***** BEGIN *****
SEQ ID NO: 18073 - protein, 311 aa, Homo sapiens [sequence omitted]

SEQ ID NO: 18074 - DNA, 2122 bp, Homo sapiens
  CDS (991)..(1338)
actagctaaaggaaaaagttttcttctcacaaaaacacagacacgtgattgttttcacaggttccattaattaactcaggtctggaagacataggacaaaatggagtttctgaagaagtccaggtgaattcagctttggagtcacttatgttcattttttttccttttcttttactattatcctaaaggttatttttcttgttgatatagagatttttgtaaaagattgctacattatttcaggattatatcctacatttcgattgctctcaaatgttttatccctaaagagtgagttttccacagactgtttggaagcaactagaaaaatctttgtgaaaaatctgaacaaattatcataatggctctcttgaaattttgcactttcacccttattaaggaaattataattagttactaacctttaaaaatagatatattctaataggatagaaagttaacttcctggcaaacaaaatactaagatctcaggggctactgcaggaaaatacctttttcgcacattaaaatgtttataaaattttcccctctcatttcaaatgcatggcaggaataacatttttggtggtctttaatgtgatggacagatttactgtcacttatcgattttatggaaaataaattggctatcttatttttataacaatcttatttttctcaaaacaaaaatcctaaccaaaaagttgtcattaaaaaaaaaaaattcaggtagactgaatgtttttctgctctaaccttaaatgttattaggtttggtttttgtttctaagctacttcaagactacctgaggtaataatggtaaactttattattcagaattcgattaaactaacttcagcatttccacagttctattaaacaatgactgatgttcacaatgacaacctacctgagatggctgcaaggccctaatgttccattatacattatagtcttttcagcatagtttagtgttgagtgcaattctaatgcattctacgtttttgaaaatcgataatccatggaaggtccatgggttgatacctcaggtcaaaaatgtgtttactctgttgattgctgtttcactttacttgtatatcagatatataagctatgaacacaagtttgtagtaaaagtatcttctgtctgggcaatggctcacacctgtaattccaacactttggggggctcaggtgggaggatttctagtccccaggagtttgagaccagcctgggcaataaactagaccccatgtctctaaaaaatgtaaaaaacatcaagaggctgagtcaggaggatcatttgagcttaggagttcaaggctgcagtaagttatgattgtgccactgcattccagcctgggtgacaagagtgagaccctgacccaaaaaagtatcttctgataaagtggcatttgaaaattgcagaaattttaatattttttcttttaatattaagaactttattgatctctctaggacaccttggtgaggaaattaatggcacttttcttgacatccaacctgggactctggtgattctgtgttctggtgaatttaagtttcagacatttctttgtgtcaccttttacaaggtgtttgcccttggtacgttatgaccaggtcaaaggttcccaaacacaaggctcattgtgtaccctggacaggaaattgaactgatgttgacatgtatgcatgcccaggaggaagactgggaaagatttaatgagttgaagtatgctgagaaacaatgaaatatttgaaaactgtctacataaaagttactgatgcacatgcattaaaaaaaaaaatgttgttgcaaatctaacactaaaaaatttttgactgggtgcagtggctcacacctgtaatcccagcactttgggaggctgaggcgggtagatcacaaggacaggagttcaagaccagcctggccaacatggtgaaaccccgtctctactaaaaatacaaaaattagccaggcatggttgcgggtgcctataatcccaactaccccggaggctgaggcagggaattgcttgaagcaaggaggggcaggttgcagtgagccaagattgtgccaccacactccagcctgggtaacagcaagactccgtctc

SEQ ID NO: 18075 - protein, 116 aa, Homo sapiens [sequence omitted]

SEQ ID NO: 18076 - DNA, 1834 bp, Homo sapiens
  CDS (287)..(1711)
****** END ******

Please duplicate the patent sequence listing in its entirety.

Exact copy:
SEQ ID NO: 18073 - protein, 311 aa, Homo sapiens [sequence omitted]

SEQ ID NO: 18074 - DNA, 2122 bp, Homo sapiens
  CDS (991)..(1338)
actagctaaaggaaaaagttttcttctcacaaaaacacagacacgtgattgttttcacaggttccattaattaactcaggtctggaagacataggacaaaatggagtttctgaagaagtccaggtgaattcagctttggagtcacttatgttcattttttttccttttcttttactattatcctaaaggttatttttcttgttgatatagagatttttgtaaaagattgctacattatttcaggattatatcctacatttcgattgctctcaaatgttttatccctaaagagtgagttttccacagactgtttggaagcaactagaaaaatctttgtgaaaaatctgaacaaattatcataatggctctcttgaaattttgcactttcacccttattaaggaaattataattagttactaacctttaaaaatagatatattctaataggatagaaagttaacttcctggcaaacaaaatactaagatctcaggggctactgcaggaaaatacctttttcgcacattaaaatgtttataaaattttcccctctcatttcaaatgcatggcaggaataacatttttggtggtctttaatgtgatggacagatttactgtcacttatcgattttatggaaaataaattggctatcttatttttataacaatcttatttttctcaaaacaaaaatcctaaccaaaaagttgtcattaaaaaaaaaaaattcaggtagactgaatgtttttctgctctaaccttaaatgttattaggtttggtttttgtttctaagctacttcaagactacctgaggtaataatggtaaactttattattcagaattcgattaaactaacttcagcatttccacagttctattaaacaatgactgatgttcacaatgacaacctacctgagatggctgcaaggccctaatgttccattatacattatagtcttttcagcatagtttagtgttgagtgcaattctaatgcattctacgtttttgaaaatcgataatccatggaaggtccatgggttgatacctcaggtcaaaaatgtgtttactctgttgattgctgtttcactttacttgtatatcagatatataagctatgaacacaagtttgtagtaaaagtatcttctgtctgggcaatggctcacacctgtaattccaacactttggggggctcaggtgggaggatttctagtccccaggagtttgagaccagcctgggcaataaactagaccccatgtctctaaaaaatgtaaaaaacatcaagaggctgagtcaggaggatcatttgagcttaggagttcaaggctgcagtaagttatgattgtgccactgcattccagcctgggtgacaagagtgagaccctgacccaaaaaagtatcttctgataaagtggcatttgaaaattgcagaaattttaatattttttcttttaatattaagaactttattgatctctctaggacaccttggtgaggaaattaatggcacttttcttgacatccaacctgggactctggtgattctgtgttctggtgaatttaagtttcagacatttctttgtgtcaccttttacaaggtgtttgcccttggtacgttatgaccaggtcaaaggttcccaaacacaaggctcattgtgtaccctggacaggaaattgaactgatgttgacatgtatgcatgcccaggaggaagactgggaaagatttaatgagttgaagtatgctgagaaacaatgaaatatttgaaaactgtctacataaaagttactgatgcacatgcattaaaaaaaaaaatgttgttgcaaatctaacactaaaaaatttttgactgggtgcagtggctcacacctgtaatcccagcactttgggaggctgaggcgggtagatcacaaggacaggagttcaagaccagcctggccaacatggtgaaaccccgtctctactaaaaatacaaaaattagccaggcatggttgcgggtgcctataatcccaactaccccggaggctgaggcagggaattgcttgaagcaaggaggggcaggttgcagtgagccaagattgtgccaccacactccagcctgggtaacagcaagactccgtctc

SEQ ID NO: 18075 - protein, 116 aa, Homo sapiens [sequence omitted]

SEQ ID NO: 18076 - DNA, 1834 bp, Homo sapiens
  CDS (287)..(1711)